Dubai: Disruption to supply chains not only increases business costs but leads to dissatisfied customers and a tarnished brand image, UAE professionals warned at the SP Jain Supply Chain Conclave.
And although the risks associated with disruption cannot be eliminated, their impact can be reduced, delegates to the conclave, at the Shangri-La Hotel, Dubai, heard on Wednesday.
Sirish Deshpande, General Manager — Logistics at Ghassan Aboud Car, said visibility of the entire supply chain was the most important factor when it came to mitigating the risk of disruption, but continuous planning and proper implementation helped.
It was important to do a risk assessment for partners as well as one’s own organisation, he added.
Koshy Mathew, COO of Enhance UAE, part of the WJ Towell Group, agreed that planning was crucial, aided by integrated supply chains and forecasting.
Shailen Shukla, Head of Logistics for Jumbo Electronics, advised “technology, technology, technology”, pointing out that Jumbo had recently upgraded its systems to reduce the time taken for stock counts, allowing them to happen more frequently with less disruption.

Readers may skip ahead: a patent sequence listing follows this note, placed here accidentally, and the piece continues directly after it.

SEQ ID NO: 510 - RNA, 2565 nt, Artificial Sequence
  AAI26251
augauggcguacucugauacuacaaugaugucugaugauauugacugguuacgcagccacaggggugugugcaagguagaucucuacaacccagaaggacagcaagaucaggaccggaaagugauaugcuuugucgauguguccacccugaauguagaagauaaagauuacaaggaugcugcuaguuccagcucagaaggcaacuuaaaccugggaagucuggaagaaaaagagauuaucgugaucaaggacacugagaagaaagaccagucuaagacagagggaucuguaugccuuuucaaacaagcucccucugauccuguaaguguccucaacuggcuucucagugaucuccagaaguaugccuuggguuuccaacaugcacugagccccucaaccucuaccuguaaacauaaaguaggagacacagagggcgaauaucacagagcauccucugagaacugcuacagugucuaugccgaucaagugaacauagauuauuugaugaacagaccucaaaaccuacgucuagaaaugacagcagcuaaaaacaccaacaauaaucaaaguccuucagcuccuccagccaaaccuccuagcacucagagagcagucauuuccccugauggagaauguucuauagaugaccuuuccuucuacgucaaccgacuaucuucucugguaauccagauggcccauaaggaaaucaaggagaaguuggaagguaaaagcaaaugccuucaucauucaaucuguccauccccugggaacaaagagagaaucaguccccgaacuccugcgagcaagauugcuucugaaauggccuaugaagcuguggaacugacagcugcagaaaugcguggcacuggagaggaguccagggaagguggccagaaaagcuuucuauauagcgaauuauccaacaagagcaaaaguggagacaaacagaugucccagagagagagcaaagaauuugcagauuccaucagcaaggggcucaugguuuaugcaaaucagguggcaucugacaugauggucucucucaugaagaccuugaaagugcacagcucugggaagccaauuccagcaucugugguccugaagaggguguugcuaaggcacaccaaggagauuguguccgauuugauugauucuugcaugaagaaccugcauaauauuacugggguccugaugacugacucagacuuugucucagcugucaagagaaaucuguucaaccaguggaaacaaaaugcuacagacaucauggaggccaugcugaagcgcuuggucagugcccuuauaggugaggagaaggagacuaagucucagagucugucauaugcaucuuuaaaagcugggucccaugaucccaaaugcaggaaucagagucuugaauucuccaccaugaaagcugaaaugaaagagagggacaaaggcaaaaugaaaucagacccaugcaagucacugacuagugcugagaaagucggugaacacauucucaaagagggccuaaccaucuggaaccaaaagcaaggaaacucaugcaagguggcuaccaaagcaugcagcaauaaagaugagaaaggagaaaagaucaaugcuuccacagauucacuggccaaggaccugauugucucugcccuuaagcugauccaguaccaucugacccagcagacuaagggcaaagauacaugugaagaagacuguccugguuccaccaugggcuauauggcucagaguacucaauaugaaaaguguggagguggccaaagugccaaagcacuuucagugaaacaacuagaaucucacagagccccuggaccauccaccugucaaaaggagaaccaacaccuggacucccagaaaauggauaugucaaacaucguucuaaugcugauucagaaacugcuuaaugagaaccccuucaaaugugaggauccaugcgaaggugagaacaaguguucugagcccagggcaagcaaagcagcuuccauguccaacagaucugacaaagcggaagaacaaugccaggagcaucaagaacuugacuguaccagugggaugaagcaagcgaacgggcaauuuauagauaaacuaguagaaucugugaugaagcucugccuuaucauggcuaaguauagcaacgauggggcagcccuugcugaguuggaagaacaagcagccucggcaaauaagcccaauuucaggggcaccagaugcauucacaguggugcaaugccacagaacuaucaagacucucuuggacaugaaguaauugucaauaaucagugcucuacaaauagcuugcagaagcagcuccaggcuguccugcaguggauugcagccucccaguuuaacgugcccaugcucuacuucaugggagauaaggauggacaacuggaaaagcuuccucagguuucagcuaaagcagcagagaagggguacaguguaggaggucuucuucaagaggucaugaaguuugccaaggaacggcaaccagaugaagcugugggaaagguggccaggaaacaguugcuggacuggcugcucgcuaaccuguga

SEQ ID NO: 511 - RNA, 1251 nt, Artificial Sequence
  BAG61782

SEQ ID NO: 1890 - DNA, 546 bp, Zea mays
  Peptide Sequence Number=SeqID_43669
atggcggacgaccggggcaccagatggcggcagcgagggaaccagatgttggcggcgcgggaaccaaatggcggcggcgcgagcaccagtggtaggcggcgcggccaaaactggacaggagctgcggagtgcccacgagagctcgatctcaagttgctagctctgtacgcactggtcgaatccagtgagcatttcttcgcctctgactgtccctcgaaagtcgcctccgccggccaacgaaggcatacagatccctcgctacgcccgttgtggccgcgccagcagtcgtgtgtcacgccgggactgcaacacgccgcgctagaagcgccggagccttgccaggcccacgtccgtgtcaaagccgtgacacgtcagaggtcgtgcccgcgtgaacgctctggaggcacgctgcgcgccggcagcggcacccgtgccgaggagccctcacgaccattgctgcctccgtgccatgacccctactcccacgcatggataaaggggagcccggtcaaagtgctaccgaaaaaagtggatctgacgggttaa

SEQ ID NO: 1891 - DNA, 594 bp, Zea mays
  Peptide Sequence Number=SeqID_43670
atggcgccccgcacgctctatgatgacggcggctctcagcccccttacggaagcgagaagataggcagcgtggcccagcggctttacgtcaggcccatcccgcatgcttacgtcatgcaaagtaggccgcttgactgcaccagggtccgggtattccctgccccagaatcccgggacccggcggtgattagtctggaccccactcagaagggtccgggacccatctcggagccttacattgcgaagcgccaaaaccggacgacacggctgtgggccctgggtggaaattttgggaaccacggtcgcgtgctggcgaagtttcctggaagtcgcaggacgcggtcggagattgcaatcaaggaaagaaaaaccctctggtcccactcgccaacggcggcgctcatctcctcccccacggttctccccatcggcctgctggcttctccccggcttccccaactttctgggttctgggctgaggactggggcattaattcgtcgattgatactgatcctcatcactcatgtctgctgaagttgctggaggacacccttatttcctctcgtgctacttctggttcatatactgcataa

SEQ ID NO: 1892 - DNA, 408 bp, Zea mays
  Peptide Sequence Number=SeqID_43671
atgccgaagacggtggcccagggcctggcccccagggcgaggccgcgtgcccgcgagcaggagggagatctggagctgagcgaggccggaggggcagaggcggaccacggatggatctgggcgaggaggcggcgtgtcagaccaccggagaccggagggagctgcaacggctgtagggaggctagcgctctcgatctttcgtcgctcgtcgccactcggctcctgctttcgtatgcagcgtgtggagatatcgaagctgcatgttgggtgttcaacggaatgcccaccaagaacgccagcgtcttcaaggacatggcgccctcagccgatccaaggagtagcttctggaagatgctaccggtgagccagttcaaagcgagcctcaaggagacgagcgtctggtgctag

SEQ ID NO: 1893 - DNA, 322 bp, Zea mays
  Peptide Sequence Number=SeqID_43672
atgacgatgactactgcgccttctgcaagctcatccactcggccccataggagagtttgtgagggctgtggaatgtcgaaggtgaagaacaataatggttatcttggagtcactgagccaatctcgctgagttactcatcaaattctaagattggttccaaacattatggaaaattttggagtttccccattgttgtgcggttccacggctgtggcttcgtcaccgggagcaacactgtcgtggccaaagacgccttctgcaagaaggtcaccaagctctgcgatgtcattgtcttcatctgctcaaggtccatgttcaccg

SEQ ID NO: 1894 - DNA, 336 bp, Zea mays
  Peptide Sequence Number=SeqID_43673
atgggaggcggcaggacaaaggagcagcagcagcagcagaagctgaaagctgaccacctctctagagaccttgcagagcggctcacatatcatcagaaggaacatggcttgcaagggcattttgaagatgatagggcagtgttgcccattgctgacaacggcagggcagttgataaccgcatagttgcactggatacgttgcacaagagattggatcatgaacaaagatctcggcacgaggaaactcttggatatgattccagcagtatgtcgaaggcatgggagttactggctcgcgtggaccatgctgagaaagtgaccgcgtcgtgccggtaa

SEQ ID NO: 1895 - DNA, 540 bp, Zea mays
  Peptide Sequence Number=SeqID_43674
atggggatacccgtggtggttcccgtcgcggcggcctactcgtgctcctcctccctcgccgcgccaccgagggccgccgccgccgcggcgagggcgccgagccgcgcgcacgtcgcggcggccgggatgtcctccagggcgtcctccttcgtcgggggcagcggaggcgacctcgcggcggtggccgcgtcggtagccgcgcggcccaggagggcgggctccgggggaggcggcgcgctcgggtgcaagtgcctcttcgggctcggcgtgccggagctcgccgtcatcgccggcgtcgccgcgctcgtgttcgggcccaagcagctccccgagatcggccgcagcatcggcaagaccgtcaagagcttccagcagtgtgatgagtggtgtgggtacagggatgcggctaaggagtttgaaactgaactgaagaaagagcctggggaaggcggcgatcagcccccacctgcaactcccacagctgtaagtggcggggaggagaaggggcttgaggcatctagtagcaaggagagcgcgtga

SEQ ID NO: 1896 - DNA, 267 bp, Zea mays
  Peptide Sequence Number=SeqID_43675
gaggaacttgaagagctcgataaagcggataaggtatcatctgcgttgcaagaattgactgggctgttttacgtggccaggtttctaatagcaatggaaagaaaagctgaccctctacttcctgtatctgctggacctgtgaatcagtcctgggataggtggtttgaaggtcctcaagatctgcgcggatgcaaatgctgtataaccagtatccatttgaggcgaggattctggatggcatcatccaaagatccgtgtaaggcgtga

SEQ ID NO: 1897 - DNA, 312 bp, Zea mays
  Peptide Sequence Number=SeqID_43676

Rajesh GK, Chief Product Officer for UAE Exchange, said that the speed of currency transfers was both a benefit and a challenge, and his organisation had implemented a risk register covering transactions. It had reduced risk by outsourcing its cash supply to reduce the impact of currency fluctuations.
But not all risk can be avoided. In an earlier presentation Dr Rajiv Aserkar, Professor and Area Head — Logistics and Supply Chain at conclave organisers SP Jain School of Global Management, revealed the results of a study showing that natural disasters were involved in 33 per cent of supply chain disruptions in the Middle East, and 27 per cent in South-East Asia.
Regulations were also a major factor, contributing to 50 per cent of disruptions in the Middle East, 35 per cent of disruptions in India and 49 per cent of disruptions in South-East Asia.